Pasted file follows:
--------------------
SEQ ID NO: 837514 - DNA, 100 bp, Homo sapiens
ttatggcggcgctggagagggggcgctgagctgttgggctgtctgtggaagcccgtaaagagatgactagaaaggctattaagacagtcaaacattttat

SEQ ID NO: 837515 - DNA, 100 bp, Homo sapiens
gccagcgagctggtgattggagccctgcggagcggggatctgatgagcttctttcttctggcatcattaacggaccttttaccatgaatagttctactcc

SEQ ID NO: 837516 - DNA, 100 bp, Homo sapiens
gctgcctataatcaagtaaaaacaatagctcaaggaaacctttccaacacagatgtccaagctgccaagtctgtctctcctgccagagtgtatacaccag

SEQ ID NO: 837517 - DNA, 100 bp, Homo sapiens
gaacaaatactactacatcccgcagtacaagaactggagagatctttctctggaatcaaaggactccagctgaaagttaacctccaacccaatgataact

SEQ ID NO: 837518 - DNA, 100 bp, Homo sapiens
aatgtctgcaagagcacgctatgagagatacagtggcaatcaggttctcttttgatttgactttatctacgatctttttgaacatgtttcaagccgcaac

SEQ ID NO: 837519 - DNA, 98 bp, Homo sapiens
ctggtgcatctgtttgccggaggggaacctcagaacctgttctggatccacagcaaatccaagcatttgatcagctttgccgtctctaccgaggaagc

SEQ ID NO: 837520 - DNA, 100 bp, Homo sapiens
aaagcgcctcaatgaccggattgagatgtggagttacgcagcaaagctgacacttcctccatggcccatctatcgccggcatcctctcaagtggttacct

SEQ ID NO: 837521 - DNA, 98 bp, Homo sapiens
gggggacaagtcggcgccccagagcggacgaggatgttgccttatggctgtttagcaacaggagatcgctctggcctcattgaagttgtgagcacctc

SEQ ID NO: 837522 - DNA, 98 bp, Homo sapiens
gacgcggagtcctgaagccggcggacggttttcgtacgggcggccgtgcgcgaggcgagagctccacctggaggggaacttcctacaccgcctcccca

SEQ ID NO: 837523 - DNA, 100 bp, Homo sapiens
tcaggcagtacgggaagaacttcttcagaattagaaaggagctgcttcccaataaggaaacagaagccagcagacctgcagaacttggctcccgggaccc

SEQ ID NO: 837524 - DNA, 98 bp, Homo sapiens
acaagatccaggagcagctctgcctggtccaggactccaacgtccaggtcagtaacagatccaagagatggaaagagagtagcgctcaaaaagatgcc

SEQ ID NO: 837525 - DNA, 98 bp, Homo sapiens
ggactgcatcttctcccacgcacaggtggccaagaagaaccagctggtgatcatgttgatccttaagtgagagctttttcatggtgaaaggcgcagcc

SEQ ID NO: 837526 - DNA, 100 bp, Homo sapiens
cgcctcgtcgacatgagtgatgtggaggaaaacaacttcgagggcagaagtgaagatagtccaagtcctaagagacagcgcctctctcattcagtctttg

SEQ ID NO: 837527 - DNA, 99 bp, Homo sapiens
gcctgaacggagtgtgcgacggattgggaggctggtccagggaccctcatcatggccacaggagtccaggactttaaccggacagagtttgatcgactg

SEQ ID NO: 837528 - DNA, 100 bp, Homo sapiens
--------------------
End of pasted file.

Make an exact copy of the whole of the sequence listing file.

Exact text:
SEQ ID NO: 837514 - DNA, 100 bp, Homo sapiens
ttatggcggcgctggagagggggcgctgagctgttgggctgtctgtggaagcccgtaaagagatgactagaaaggctattaagacagtcaaacattttat

SEQ ID NO: 837515 - DNA, 100 bp, Homo sapiens
gccagcgagctggtgattggagccctgcggagcggggatctgatgagcttctttcttctggcatcattaacggaccttttaccatgaatagttctactcc

SEQ ID NO: 837516 - DNA, 100 bp, Homo sapiens
gctgcctataatcaagtaaaaacaatagctcaaggaaacctttccaacacagatgtccaagctgccaagtctgtctctcctgccagagtgtatacaccag

SEQ ID NO: 837517 - DNA, 100 bp, Homo sapiens
gaacaaatactactacatcccgcagtacaagaactggagagatctttctctggaatcaaaggactccagctgaaagttaacctccaacccaatgataact

SEQ ID NO: 837518 - DNA, 100 bp, Homo sapiens
aatgtctgcaagagcacgctatgagagatacagtggcaatcaggttctcttttgatttgactttatctacgatctttttgaacatgtttcaagccgcaac

SEQ ID NO: 837519 - DNA, 98 bp, Homo sapiens
ctggtgcatctgtttgccggaggggaacctcagaacctgttctggatccacagcaaatccaagcatttgatcagctttgccgtctctaccgaggaagc

SEQ ID NO: 837520 - DNA, 100 bp, Homo sapiens
aaagcgcctcaatgaccggattgagatgtggagttacgcagcaaagctgacacttcctccatggcccatctatcgccggcatcctctcaagtggttacct

SEQ ID NO: 837521 - DNA, 98 bp, Homo sapiens
gggggacaagtcggcgccccagagcggacgaggatgttgccttatggctgtttagcaacaggagatcgctctggcctcattgaagttgtgagcacctc

SEQ ID NO: 837522 - DNA, 98 bp, Homo sapiens
gacgcggagtcctgaagccggcggacggttttcgtacgggcggccgtgcgcgaggcgagagctccacctggaggggaacttcctacaccgcctcccca

SEQ ID NO: 837523 - DNA, 100 bp, Homo sapiens
tcaggcagtacgggaagaacttcttcagaattagaaaggagctgcttcccaataaggaaacagaagccagcagacctgcagaacttggctcccgggaccc

SEQ ID NO: 837524 - DNA, 98 bp, Homo sapiens
acaagatccaggagcagctctgcctggtccaggactccaacgtccaggtcagtaacagatccaagagatggaaagagagtagcgctcaaaaagatgcc

SEQ ID NO: 837525 - DNA, 98 bp, Homo sapiens
ggactgcatcttctcccacgcacaggtggccaagaagaaccagctggtgatcatgttgatccttaagtgagagctttttcatggtgaaaggcgcagcc

SEQ ID NO: 837526 - DNA, 100 bp, Homo sapiens
cgcctcgtcgacatgagtgatgtggaggaaaacaacttcgagggcagaagtgaagatagtccaagtcctaagagacagcgcctctctcattcagtctttg

SEQ ID NO: 837527 - DNA, 99 bp, Homo sapiens
gcctgaacggagtgtgcgacggattgggaggctggtccagggaccctcatcatggccacaggagtccaggactttaaccggacagagtttgatcgactg

SEQ ID NO: 837528 - DNA, 100 bp, Homo sapiens